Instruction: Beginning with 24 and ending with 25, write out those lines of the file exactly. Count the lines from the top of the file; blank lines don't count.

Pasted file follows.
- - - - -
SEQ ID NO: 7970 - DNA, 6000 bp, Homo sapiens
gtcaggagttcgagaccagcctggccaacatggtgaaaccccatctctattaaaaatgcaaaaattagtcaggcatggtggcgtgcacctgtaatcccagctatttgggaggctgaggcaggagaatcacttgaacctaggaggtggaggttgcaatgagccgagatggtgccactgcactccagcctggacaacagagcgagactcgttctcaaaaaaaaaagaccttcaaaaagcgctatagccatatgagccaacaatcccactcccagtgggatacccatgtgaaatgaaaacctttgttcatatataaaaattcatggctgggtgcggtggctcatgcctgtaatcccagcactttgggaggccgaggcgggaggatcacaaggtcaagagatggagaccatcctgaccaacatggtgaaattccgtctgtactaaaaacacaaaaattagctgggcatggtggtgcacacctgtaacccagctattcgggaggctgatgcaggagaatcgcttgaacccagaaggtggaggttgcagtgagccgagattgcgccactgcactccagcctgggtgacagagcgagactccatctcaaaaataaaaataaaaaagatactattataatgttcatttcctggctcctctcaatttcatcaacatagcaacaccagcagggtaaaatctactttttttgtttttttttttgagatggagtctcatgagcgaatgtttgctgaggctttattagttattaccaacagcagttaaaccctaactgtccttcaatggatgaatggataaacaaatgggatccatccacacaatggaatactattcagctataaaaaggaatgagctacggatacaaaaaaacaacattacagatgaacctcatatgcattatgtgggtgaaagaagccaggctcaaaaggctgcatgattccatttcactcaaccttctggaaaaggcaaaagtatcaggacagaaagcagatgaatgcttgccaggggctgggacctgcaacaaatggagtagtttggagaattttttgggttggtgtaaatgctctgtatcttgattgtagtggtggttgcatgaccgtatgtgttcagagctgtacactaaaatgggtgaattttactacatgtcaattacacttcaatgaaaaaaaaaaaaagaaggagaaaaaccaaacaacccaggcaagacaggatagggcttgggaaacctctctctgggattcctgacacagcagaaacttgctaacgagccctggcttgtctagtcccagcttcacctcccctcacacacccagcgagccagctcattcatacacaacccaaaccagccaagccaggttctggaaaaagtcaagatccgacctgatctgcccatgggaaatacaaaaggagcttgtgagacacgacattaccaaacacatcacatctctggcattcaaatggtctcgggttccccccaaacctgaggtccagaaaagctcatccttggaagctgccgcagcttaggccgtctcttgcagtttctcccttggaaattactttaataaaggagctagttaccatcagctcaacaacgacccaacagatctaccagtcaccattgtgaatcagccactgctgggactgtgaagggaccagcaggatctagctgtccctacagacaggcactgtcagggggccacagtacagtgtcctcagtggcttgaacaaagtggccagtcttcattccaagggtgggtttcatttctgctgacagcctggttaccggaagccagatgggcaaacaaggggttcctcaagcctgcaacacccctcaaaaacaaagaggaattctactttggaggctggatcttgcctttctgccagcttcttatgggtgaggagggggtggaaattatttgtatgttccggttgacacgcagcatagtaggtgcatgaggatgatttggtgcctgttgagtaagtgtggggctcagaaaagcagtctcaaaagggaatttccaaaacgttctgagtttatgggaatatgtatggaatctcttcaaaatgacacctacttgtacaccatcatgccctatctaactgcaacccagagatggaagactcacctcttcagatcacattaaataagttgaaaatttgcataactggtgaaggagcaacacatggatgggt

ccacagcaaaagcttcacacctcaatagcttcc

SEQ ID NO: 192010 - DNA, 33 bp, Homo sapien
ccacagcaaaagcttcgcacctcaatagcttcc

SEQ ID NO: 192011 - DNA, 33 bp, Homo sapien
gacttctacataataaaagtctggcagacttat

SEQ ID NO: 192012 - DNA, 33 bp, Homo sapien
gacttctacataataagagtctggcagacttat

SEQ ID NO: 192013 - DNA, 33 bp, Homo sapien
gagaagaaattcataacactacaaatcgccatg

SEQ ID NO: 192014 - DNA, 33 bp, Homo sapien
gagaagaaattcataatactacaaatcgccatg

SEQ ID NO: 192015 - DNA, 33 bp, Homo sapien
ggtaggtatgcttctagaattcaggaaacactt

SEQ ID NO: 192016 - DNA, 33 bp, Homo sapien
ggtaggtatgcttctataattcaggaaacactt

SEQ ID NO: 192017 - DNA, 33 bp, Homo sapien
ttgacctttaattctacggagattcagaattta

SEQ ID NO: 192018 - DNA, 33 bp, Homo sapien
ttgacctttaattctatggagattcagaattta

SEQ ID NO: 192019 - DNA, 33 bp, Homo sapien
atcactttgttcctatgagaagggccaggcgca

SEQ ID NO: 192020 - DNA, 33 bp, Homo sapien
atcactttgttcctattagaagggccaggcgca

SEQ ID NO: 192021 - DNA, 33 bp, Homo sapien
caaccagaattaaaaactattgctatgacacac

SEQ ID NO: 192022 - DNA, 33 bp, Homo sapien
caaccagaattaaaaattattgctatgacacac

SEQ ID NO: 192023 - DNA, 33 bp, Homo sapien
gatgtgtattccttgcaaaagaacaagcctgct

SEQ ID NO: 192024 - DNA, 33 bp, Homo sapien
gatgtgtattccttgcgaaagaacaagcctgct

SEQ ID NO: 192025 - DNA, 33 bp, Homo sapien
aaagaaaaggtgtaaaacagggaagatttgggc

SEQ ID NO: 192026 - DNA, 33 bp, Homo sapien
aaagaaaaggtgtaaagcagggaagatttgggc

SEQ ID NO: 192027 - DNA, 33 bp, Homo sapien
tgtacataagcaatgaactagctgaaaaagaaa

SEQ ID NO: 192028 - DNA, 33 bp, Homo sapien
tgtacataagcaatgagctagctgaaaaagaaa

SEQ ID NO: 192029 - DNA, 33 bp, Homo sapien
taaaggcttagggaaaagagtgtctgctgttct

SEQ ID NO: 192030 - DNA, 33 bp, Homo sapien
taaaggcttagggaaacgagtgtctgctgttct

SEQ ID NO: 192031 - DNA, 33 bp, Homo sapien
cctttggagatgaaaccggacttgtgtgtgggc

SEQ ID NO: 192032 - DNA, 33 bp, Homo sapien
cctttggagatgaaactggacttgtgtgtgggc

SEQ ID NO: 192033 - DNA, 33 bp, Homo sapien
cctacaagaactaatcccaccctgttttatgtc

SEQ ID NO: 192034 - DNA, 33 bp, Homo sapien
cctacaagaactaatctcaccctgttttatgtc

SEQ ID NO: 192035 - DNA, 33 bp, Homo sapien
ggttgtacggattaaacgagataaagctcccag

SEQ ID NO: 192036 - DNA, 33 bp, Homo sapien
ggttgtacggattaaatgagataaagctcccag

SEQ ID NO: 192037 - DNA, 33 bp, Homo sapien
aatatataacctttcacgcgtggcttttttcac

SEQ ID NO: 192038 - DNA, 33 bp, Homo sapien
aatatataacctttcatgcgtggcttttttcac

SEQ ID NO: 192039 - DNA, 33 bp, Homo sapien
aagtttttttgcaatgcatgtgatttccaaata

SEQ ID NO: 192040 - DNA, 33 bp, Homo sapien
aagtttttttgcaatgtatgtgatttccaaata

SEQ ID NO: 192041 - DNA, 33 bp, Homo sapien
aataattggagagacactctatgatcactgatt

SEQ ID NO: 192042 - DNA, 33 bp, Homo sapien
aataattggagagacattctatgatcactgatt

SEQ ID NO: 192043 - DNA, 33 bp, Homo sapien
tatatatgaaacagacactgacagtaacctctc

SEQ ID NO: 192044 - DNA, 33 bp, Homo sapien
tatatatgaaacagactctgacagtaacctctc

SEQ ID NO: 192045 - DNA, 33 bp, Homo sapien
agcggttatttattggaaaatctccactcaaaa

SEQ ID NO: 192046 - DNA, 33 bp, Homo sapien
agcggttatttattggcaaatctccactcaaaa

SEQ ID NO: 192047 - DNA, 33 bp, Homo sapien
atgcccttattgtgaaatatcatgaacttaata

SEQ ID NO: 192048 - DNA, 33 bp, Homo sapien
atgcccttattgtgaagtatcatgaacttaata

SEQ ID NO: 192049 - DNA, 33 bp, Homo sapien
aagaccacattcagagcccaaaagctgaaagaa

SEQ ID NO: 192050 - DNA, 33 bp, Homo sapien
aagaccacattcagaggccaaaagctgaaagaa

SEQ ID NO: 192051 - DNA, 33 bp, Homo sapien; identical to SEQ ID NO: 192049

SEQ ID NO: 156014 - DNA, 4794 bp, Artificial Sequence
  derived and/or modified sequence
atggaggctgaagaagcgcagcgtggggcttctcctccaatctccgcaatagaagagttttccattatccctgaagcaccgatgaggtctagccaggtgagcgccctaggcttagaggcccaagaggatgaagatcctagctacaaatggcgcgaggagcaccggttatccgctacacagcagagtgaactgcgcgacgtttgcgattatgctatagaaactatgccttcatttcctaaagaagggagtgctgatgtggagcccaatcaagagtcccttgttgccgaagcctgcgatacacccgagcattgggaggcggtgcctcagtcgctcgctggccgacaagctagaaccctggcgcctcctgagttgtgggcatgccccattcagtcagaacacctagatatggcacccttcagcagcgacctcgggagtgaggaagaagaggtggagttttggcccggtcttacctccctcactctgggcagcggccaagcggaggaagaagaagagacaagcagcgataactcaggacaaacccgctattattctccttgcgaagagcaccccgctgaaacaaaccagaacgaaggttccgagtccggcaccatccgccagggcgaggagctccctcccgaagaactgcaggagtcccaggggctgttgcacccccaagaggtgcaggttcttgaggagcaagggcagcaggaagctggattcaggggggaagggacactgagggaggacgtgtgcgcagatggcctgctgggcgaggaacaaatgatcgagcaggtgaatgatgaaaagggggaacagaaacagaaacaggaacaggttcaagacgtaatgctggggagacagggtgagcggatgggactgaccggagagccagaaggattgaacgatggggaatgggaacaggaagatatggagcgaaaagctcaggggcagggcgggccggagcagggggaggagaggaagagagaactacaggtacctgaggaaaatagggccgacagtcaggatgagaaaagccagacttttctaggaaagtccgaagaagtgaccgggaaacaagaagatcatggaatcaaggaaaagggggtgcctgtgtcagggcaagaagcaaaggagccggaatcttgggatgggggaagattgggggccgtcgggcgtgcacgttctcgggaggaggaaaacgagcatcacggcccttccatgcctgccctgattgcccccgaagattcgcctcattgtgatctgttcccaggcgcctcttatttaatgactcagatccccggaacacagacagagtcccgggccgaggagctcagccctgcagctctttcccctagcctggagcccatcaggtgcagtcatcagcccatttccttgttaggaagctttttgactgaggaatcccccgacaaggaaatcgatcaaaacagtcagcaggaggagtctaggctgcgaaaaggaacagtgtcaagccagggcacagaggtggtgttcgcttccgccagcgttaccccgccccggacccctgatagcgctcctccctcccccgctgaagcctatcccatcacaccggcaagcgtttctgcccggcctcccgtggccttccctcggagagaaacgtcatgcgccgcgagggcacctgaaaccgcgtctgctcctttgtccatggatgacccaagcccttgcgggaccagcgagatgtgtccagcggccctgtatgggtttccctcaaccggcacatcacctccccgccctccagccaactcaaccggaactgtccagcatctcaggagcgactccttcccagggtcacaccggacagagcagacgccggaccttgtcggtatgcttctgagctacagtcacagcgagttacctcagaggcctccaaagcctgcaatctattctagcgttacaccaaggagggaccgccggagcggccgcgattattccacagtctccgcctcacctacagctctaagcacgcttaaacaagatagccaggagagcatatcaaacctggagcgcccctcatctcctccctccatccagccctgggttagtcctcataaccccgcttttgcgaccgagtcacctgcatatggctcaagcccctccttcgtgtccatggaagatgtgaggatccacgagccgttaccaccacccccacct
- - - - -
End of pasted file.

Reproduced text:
SEQ ID NO: 192020 - DNA, 33 bp, Homo sapien
atcactttgttcctattagaagggccaggcgca